Posted: 29 Mar 2010
Citizenship is often described substantively and formally as delineating between insiders and outsiders. Yet the neatness of these boundaries of inclusion and exclusion has been uniquely and heavily tested by recent events in the Canadian province of Quebec. In the spring of 2006, Quebec's media began to report on a number of curious themes, all of which reinforced a growing consensus that cracks were appearing in Canada's multicultural mosaic. Invective language referenced ethnic enclaves, the discourse of tolerance resurfaced with full force, and a powerful Othering discourse, engaging with notions of race and gender, collided with conceptions of religion, culture, and secularism. Perhaps most critically, a discourse on reasonable accommodation - on the extent to which the dominant society in Quebec should accommodate designated 'others' - dominated common parlance while discussions of systemic inequality faded into the background. By February 2007, months of controversy culminated in the establishment of The Consultation Commission on Accommodation Practices Related to Cultural Differences.By examining media reports, commission submissions, and the commissions final report, this paper explores the idea of the citizen that straddles lines of inclusion and exclusion - the citizen insider/outsider. In addition to unpacking the particular profile of this citizen, this paper explores how a governmentality approach to citizenship may deepen our understandings of what we require from different constituencies of citizens, and how citizen insider/outsiders are cultivated and conducted to act within particular regimes of possibility.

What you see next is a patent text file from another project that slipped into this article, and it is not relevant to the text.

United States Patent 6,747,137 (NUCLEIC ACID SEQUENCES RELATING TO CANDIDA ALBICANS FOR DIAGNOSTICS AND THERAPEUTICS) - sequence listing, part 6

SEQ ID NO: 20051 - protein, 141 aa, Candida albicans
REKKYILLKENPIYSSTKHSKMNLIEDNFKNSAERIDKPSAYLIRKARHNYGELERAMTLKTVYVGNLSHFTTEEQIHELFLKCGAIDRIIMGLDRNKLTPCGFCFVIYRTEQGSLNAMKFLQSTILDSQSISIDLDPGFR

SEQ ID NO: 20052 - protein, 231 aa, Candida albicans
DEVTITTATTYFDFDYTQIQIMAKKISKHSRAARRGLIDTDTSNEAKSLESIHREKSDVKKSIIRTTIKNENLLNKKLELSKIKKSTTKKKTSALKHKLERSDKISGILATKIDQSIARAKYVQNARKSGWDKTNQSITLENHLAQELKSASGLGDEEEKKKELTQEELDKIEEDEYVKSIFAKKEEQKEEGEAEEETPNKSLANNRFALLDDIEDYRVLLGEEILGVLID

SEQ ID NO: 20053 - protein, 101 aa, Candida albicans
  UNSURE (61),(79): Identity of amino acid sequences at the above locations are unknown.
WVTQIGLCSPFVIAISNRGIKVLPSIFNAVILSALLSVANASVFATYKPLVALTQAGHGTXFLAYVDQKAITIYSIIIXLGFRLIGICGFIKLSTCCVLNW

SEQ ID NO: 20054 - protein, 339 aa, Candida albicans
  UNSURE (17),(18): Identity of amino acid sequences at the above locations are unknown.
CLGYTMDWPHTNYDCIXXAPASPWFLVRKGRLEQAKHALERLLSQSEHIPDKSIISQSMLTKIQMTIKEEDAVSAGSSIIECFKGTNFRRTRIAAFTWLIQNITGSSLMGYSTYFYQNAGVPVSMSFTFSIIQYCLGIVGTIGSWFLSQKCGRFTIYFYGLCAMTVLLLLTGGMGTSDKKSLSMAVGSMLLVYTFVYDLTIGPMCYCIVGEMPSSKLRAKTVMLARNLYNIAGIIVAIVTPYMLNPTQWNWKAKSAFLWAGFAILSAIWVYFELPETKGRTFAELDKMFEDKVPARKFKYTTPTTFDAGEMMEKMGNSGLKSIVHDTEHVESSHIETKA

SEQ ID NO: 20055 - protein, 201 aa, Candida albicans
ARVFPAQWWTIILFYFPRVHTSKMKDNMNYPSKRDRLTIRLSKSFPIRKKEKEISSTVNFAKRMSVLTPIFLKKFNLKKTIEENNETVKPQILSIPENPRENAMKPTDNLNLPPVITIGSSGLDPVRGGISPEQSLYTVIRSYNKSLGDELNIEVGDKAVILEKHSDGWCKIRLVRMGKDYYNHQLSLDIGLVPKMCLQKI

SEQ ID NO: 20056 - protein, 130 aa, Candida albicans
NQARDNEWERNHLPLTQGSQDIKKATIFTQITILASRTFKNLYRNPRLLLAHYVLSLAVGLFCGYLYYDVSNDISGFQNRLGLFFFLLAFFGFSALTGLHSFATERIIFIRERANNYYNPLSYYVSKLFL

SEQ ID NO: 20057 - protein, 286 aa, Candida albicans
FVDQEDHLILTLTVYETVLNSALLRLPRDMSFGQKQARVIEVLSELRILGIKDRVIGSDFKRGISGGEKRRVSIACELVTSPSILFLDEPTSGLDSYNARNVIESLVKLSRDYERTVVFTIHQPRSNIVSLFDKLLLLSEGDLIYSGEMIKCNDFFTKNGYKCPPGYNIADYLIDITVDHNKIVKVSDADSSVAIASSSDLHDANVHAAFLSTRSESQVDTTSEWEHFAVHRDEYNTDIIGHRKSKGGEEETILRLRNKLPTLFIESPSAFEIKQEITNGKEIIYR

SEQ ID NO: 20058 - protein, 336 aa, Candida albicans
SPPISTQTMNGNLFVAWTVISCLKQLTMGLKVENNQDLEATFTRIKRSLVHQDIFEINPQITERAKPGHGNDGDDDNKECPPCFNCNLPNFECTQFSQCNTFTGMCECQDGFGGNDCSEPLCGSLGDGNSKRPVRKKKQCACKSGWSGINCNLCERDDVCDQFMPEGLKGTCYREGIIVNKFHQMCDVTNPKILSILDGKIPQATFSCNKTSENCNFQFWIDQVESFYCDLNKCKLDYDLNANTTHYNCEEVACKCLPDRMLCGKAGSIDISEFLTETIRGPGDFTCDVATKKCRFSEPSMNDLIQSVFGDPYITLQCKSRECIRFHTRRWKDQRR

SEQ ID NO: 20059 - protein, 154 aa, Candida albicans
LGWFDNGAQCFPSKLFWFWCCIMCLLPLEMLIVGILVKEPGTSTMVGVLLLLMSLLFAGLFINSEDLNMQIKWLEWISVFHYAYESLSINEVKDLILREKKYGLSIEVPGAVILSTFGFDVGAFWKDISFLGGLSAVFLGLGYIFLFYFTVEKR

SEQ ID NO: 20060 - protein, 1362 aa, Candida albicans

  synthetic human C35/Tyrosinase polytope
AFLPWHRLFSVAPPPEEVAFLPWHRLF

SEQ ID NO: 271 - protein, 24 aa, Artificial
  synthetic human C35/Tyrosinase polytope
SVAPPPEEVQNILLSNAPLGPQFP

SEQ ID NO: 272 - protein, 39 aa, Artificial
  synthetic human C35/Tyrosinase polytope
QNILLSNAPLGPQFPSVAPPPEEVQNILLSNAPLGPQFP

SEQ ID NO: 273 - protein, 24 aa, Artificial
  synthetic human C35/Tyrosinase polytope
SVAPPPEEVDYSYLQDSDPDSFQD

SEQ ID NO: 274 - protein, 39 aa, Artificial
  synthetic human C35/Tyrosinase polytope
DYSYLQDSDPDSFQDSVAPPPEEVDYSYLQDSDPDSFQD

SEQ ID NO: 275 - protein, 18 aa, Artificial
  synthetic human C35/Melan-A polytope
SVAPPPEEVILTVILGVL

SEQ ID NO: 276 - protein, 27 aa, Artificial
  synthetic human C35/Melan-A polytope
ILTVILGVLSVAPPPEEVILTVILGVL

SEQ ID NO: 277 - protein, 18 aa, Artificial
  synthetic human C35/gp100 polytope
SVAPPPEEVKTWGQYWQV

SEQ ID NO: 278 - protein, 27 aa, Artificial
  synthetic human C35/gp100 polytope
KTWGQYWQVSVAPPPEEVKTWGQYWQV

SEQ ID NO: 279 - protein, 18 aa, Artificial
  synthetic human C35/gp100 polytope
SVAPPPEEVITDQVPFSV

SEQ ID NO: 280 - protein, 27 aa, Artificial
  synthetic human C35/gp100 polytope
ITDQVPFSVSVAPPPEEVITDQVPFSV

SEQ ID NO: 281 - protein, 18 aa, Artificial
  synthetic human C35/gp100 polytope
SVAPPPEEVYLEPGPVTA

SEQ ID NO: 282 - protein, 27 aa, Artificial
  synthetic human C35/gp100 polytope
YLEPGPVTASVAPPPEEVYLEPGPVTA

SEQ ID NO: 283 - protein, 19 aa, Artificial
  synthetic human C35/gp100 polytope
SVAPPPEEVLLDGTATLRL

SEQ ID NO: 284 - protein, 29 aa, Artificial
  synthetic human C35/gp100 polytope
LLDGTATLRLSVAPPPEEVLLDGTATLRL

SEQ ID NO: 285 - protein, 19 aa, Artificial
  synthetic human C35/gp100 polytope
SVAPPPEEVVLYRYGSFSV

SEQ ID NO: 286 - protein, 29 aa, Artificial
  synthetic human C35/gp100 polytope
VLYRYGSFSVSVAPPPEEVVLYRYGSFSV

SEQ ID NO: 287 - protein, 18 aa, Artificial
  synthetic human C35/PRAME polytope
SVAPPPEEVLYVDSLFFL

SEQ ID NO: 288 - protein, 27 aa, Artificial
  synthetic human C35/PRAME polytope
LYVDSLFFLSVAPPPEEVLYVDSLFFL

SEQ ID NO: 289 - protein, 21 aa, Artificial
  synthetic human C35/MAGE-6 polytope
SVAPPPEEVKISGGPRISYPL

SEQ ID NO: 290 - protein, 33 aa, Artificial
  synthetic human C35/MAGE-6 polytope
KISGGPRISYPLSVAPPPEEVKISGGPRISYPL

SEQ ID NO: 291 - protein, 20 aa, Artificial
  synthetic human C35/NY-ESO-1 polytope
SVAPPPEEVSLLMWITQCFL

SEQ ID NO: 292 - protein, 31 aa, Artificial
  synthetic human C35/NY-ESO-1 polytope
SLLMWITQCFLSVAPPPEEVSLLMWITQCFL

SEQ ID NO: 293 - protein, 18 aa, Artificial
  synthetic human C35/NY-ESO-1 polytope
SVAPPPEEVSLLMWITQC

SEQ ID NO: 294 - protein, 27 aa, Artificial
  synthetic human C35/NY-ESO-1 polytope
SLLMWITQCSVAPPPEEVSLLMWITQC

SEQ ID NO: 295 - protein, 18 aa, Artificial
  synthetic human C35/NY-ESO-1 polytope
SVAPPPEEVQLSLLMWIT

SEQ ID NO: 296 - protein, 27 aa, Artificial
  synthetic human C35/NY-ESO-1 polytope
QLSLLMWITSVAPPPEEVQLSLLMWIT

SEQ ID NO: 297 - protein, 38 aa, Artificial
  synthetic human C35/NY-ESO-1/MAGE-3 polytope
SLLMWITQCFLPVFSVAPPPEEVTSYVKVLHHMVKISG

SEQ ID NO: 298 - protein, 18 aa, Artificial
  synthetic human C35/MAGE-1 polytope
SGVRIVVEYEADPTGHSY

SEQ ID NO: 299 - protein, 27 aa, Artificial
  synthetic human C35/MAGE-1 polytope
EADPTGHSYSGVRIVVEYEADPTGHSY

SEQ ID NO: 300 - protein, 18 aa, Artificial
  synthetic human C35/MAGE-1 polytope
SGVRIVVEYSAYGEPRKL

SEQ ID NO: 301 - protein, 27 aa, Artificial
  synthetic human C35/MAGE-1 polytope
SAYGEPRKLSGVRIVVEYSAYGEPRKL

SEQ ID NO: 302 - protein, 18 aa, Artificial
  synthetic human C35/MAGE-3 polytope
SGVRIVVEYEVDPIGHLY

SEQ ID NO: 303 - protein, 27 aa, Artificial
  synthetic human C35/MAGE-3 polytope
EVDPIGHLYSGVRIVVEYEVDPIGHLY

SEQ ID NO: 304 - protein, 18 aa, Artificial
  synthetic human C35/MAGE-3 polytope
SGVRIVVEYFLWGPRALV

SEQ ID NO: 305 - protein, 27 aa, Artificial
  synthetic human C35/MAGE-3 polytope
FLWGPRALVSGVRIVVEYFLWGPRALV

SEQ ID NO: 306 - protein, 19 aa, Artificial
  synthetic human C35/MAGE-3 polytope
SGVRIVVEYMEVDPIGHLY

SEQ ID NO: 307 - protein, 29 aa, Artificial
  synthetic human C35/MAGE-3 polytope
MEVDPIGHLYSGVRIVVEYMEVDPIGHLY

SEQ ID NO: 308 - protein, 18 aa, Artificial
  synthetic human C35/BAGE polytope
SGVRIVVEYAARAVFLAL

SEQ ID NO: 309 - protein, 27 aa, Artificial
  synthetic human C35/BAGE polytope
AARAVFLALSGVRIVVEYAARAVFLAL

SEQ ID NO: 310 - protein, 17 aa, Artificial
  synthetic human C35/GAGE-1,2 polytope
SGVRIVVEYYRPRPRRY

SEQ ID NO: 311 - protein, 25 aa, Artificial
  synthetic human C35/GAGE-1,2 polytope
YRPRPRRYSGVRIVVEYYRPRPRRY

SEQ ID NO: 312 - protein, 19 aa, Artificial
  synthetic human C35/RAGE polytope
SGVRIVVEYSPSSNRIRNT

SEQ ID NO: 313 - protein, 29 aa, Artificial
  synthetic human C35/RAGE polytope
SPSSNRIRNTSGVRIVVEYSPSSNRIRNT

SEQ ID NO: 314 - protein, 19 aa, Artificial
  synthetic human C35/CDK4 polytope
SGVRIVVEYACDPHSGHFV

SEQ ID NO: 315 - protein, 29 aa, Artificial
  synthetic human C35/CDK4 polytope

Suggested Citation: Suggested Citation
Nath, Nisha K., The Citizen Insider/Outsider: Governmentality, Citizenship and Quebec's Reasonable Accommodation Commission. Western Political Science Association 2010 Annual Meeting Paper . Available at SSRN: https://ssrn.com/abstract=1580648